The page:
Pro-Migrant Pastors on a Bus Meet ‘God’s Army’ Convoy at Texas Border Town - Word&Way

Pro-Migrant Pastors on a Bus Meet ‘God’s Army’ Convoy at Texas Border Town

(RNS) — Members of the self-proclaimed “God’s Army” headed to a small town in Texas this weekend to denounce what they say are the Biden administration’s lax policies at the United States’ Southern border. Faith leaders who support immigration reform and migrant rights met them to engage in peaceful dialogue.

The God’s Army campaign, called “Take our Border Back” and led by Christian Nationalist figures, called on supporters to form convoys at sites in Arizona, California, and Texas on Feb. 3 and to kick off their journey to the border with prayer rallies.

“This is a peaceful assembly of Americans from all political classes and ethnicities who will be praying for an end to the immigration crisis,” said the organizers in a Jan. 29 press statement.

Take Our Border Back’s website points out the dangers posed by “wide open Southern borders” and invites “retired law enforcement and military veterans, mama bears, elected officials, business owners, ranchers, truckers, bikers, media, and law-abiding, freedom-loving Americans” to join the movement.

The campaign was launched Jan. 12 by Kim Yeater and Scotty Saks, two figures known for their involvement in Christian Nationalist and far-right spheres. Saks is the host of Sovereign Radio, a syndicated show emanating from San Diego. Yeater is a life coach and radio host, also in San Diego. In a YouTube video posted to her channel, Yeater said she started the campaign after receiving a vision from God.

“We are on the brink of losing our country; it is imperative that we take our border back and that we take our border back right now,” she said on One America News.

The three convoys headed to Yuma, Arizona; Eagle Pass, Texas; and San Ysidro, California, sharing their progress south and east in real time on social media.

The convoy headed to Texas departed from Virginia on Jan. 29 and will end its trip at the Cornerstone Children’s Ranch in Quemado, Texas, near Eagle Pass, after a stop at Dripping Springs, Texas.

Doug Pagitt, a Minnesota pastor who runs the anti-Christian Nationalism organization Vote Common Good, hoped to meet the drivers and engage with them in Quemado. “We’re just going to be around and try to humanize the situation. And not have it be primarily about the disagreement,” he said.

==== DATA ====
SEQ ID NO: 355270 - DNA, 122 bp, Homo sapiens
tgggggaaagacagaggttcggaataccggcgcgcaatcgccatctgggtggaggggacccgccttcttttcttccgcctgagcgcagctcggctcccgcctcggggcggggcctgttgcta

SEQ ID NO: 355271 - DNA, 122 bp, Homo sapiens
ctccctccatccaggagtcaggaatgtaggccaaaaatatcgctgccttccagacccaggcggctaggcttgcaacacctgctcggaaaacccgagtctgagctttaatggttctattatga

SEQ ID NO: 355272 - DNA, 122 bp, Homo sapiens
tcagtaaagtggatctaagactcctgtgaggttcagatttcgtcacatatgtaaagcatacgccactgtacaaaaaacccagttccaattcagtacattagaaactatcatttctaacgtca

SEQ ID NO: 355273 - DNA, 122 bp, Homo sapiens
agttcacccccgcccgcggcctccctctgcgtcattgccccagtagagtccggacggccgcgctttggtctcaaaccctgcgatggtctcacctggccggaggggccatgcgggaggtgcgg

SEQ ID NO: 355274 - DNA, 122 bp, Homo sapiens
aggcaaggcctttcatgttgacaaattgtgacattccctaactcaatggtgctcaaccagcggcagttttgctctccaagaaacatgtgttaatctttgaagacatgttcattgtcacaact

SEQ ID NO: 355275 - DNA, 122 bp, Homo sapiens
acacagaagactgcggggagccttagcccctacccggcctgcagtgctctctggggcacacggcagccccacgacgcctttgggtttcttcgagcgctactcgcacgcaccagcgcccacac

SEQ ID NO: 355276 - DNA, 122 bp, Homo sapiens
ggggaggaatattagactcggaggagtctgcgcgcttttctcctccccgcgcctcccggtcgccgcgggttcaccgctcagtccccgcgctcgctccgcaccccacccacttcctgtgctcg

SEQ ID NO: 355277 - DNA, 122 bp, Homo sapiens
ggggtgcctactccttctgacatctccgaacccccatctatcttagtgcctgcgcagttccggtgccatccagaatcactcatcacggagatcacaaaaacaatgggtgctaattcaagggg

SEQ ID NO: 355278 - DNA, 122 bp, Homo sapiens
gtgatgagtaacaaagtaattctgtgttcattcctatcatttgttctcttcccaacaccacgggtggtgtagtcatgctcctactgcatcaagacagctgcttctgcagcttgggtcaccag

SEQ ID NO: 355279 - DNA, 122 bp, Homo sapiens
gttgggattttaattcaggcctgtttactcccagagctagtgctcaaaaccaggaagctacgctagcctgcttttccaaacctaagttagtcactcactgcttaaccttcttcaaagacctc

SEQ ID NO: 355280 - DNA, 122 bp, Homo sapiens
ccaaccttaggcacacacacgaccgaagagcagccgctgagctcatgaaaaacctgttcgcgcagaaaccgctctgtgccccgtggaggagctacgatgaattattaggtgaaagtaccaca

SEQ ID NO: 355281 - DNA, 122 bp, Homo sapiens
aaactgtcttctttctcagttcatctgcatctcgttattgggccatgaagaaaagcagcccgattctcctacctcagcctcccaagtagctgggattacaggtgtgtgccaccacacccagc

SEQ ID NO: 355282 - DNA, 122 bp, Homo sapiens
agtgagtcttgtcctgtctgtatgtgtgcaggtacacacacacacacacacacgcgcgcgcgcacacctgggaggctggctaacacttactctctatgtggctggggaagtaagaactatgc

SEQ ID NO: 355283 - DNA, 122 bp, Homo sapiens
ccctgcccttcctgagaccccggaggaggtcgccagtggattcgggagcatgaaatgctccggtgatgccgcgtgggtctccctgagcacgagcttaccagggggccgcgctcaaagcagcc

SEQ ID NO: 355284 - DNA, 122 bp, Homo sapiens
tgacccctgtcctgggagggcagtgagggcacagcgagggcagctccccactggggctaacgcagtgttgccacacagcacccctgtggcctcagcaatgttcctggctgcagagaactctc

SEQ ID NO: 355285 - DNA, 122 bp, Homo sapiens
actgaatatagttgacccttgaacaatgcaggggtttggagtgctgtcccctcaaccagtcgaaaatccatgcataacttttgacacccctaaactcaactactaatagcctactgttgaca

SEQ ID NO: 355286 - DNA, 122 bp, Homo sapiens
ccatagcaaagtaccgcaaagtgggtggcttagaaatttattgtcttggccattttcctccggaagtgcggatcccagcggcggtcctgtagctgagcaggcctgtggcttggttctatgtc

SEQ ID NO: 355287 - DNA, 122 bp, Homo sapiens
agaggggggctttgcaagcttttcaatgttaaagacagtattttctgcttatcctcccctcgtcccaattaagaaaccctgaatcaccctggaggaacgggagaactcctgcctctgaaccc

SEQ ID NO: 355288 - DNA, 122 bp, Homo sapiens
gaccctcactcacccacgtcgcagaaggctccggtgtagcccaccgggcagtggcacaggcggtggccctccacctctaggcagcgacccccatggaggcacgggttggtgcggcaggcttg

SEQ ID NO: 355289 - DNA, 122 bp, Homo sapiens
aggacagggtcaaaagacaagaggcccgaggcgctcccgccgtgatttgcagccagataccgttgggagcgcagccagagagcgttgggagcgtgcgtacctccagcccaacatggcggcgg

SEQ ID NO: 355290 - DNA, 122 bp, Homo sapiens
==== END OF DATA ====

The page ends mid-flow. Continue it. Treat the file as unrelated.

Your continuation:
Doug Pagitt. (Courtesy photo)

Pagitt said he learned about the campaign last weekend and decided to head south on his organization’s bus, decorated with blue banners that say “Confronting Christian Nationalism for the common good” on one side and “Faith, Hope, and Love supporting democracy for all” on the other.

Vote Common Good’s bus, which started in Minnesota, has stopped in Michigan and Missouri, where it was joined by other faith leaders. Having arrived in Eagle Pass on Friday, they met for a prayer service at the Children’s Ranch on Saturday with groups of locals who help migrants crossing the border.

Pagitt, whose organization has worked to counter the rise of extremist Christian Nationalists since 2018, said God’s Army differs from “old-school Christian Nationalists,” calling them “a variance to the Christian Nationalism disease, that is particular to the time that we live in.” He characterized their mission as “a very fringe view.”

Pagitt pointed to calls for violence from certain “God’s Army” members — some have called to “hunt down migrants” — and said he feared some protesters might come with the same belligerent spirit as the Jan. 6 protesters who stormed the U.S. Capitol.

By meeting with them on Saturday, Pagitt also hoped to show them that the real danger is not for Americans but for the migrants crossing the river.

Lori Mercer, a resident of Quemado, has run the Cornerstone Children’s Ranch since 1998. On Saturday, she hosted hundreds of members of the Take Our Border Back campaign for a prayer breakfast. Together, they were “praying and trusting the Lord to do a miracle on the border,” she said.

The Cornerstone Children’s Ranch is a Christian organization that serves ministers on both sides of the border “who have been affected by migrants,” she explained.

“The situation is we live on the border, across the street is Mexico, and we have illegals coming through here. They’re causing problems. It’s horrible. It’s just been gradually getting worse,” Mercer told RNS.

Texas Governor Greg Abbott also joined the convoy at Eagle Pass on Sunday.

The Take Our Border Back movement is also supported by U.S. Rep. Keith Self, a representative for Texas’ third district in Congress, who said he will attend the Texas gatherings.

The campaign was also promoted on Tucker Carlson’s podcast and the far-right conspiracy network InfoWars.

Kathryn Post contributed to this story.